Magic and Mood

When I do ceremonial magic, I record the times and environmental condition in a magical journal. This is upon the advice of Donald Michael Kraig in his book Modern Magick, so that the magician may assess what conditions contribute to the best magical success.

And this is the primary function of a magical journal (as distinct from a book of shadows): to allow you to review your performance. Continue reading

Book of Shadows

I don’t have a Book of Shadows.

I tried to have one once upon a time. It was in a three ring binder (so I could insert, remove, or rearrange pages) and it had a few rituals and a bunch of pretentious essays on what I believed, what I had learned, and what I did. I still have the thing, but I regard it as an artifact of my past practice, and not a BoS that I refer to in my magical or devotional work.

I have a OneNote folder with old rituals I’ve done, and I suppose I can count that as kind of a BoS, although I think of it as more of a reference of things I’ve done than as something I go back to for a regular practice. But I’m more of a journaling type of mage. I record the time and conditions of ritual work and the goals of magical work, and the results of anything I do. I have lots of journals (mostly incomplete ones at that).

So what’s the difference?

A journal is for personal reference. I’m the only one who will see it, excepting rare occasions on which I may ask a trusted associate to review something. For the most part, it is written by me and addressed to me. So I leave a lot unsaid, because I don’t need to say a lot of it. I don’t need to explain a lot of stuff to myself, or justify why I did or thought certain things. I record physical and emotional conditions I might not remember, but I don’t usually forget my philosophical positions. And when I do journal on such things, it is to remind myself, not explain or justify.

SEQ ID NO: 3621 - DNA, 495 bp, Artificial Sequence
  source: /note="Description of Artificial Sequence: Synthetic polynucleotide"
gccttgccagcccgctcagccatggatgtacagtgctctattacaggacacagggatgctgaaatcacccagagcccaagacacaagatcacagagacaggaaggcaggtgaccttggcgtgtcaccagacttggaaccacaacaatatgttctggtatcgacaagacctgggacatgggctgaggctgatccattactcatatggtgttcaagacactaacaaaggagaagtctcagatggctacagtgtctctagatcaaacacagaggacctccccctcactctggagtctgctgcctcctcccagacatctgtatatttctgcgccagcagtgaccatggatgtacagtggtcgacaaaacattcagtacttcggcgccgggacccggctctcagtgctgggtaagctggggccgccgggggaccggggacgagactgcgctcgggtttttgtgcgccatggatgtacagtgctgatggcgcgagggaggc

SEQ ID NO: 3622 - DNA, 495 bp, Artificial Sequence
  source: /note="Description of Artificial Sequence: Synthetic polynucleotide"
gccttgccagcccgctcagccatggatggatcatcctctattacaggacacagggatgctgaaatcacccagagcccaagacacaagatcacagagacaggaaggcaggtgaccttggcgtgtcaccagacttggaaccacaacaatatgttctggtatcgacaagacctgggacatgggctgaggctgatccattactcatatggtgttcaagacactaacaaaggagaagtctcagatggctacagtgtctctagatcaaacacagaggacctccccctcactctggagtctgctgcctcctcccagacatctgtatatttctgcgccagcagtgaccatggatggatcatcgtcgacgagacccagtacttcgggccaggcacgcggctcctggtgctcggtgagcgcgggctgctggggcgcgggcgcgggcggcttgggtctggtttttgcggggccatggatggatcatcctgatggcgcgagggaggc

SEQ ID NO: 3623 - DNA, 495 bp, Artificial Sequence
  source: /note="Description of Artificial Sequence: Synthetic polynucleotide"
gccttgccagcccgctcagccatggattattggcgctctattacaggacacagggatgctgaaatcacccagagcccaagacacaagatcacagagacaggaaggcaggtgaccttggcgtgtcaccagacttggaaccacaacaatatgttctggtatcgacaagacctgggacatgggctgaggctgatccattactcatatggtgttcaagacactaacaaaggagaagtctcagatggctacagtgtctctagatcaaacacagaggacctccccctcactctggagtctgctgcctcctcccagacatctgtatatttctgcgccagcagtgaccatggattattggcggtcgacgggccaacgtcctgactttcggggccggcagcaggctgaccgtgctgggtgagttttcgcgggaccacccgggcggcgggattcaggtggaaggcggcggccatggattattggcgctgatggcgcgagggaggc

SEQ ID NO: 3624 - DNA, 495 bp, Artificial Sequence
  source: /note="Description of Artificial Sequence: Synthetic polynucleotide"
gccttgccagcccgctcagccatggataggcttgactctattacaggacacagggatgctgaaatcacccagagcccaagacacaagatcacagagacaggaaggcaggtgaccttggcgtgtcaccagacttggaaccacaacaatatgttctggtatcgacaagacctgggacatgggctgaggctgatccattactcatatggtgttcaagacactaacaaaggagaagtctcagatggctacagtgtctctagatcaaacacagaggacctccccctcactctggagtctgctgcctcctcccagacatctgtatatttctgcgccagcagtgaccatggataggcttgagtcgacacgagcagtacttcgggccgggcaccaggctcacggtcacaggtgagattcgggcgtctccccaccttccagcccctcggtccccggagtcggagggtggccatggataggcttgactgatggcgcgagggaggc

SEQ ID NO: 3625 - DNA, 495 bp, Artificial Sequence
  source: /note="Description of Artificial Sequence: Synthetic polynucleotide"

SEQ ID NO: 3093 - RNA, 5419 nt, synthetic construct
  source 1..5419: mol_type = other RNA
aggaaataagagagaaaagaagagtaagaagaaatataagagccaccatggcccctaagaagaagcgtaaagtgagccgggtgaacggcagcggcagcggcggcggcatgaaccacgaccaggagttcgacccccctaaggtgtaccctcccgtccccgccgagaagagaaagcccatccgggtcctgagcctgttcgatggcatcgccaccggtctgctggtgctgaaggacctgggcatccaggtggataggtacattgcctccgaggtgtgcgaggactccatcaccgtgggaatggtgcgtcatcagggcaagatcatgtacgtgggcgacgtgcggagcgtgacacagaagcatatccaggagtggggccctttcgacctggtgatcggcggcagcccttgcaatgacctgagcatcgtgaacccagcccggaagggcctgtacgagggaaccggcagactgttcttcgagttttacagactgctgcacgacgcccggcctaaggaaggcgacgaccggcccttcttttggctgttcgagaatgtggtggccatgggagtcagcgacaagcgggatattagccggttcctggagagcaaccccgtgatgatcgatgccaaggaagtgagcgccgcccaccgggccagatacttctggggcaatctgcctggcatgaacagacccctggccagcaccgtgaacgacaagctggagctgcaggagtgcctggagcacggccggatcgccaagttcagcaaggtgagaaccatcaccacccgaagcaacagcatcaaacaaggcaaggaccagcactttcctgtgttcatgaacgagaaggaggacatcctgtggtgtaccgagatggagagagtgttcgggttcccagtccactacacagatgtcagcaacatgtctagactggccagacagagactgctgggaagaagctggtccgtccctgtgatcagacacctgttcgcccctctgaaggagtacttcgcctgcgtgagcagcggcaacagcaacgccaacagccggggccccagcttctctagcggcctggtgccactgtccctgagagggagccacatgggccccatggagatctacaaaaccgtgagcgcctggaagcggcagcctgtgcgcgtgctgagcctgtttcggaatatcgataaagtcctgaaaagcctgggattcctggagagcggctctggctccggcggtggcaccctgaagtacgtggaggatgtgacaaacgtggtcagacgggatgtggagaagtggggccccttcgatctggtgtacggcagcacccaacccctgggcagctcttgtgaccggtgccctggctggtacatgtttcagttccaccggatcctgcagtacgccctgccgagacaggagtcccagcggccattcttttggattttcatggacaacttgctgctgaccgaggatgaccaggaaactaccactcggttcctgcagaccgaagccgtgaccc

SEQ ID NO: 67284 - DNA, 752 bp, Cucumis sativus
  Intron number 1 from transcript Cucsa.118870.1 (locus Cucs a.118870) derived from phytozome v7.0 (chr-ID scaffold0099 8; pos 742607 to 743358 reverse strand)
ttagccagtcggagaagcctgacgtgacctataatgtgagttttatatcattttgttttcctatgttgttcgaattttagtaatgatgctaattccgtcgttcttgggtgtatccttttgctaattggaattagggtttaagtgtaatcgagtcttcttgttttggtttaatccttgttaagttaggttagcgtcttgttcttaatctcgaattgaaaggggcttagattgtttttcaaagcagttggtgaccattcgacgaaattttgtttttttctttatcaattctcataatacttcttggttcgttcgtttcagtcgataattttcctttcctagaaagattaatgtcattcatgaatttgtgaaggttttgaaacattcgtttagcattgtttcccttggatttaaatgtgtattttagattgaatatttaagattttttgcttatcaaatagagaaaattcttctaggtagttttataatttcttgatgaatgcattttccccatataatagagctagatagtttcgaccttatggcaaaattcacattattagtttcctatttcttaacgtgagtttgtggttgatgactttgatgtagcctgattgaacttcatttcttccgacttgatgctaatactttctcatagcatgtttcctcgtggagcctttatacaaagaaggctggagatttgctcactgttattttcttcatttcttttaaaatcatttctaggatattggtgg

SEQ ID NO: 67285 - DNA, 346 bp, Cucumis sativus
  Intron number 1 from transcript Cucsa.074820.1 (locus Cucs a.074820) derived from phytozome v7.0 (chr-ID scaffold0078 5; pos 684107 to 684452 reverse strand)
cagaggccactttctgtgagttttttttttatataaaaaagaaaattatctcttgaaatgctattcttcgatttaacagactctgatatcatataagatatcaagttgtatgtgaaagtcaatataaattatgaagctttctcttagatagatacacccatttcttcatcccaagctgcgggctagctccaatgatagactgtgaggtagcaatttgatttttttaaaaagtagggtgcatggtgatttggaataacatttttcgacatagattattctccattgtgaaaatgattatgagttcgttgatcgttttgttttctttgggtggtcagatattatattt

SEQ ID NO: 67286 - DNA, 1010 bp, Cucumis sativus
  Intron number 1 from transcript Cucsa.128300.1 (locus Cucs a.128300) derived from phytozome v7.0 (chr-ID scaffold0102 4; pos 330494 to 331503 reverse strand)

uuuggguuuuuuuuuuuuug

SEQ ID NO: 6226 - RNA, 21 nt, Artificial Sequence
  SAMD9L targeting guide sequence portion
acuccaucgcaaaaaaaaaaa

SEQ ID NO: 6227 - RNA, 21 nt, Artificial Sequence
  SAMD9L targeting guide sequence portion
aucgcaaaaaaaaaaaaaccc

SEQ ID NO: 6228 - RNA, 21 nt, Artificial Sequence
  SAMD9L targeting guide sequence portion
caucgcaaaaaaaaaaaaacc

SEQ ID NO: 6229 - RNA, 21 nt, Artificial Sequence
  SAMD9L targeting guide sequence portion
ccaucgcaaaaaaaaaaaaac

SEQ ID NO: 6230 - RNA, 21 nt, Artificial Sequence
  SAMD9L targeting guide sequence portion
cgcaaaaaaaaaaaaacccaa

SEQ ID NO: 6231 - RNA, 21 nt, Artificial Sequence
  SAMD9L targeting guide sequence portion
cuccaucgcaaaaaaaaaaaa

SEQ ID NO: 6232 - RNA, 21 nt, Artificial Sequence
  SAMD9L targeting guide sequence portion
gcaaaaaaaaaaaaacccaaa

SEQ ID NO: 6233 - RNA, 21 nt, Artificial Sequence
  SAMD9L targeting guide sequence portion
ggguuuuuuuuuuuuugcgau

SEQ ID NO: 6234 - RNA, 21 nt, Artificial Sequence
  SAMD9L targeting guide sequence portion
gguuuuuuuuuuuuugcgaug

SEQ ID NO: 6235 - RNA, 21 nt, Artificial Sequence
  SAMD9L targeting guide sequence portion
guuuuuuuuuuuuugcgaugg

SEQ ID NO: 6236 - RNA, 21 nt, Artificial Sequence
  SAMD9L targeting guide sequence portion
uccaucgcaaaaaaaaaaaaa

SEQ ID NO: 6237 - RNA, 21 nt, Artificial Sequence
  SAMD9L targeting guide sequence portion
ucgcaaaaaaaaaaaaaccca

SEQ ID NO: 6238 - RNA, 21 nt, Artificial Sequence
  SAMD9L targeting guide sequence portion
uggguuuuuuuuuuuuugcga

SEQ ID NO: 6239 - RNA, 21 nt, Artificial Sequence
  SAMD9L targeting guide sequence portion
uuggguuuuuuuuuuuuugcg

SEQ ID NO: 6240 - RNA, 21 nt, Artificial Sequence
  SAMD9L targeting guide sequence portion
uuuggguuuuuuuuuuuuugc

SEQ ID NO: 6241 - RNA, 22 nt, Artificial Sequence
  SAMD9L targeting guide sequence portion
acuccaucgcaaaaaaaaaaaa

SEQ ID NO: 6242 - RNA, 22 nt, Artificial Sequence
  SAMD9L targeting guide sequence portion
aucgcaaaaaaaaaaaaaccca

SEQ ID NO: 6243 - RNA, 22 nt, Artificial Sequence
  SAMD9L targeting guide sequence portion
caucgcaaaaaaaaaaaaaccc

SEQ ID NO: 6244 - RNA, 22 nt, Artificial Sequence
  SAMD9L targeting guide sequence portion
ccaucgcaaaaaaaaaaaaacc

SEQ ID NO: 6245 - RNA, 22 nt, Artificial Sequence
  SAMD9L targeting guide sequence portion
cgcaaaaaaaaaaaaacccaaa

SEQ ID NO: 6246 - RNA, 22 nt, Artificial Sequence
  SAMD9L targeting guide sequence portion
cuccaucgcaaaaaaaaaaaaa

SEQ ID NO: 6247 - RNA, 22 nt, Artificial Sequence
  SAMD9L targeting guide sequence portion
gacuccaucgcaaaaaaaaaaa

A Book of Shadows, however, is written for other people. It is to pass on rituals and traditions to other people who may not have been there when they were devised or implemented, or who may not understand fully why things are done the way they are.  It is a way of bringing people into the fold, of sharing with them what they have missed, and of preparing them to join in to work others are already familiar with. It is stylistically different from a journal, and if you’re a solitary practicioner, it’s extraneous.

So I keep my journals. Someday, I may have a group that develops its own traditions, and we may build a Book of Shadows. And that BoS may include items from one of my journals. But as long as I’m by myself, I don’t really need to pass any traditions on.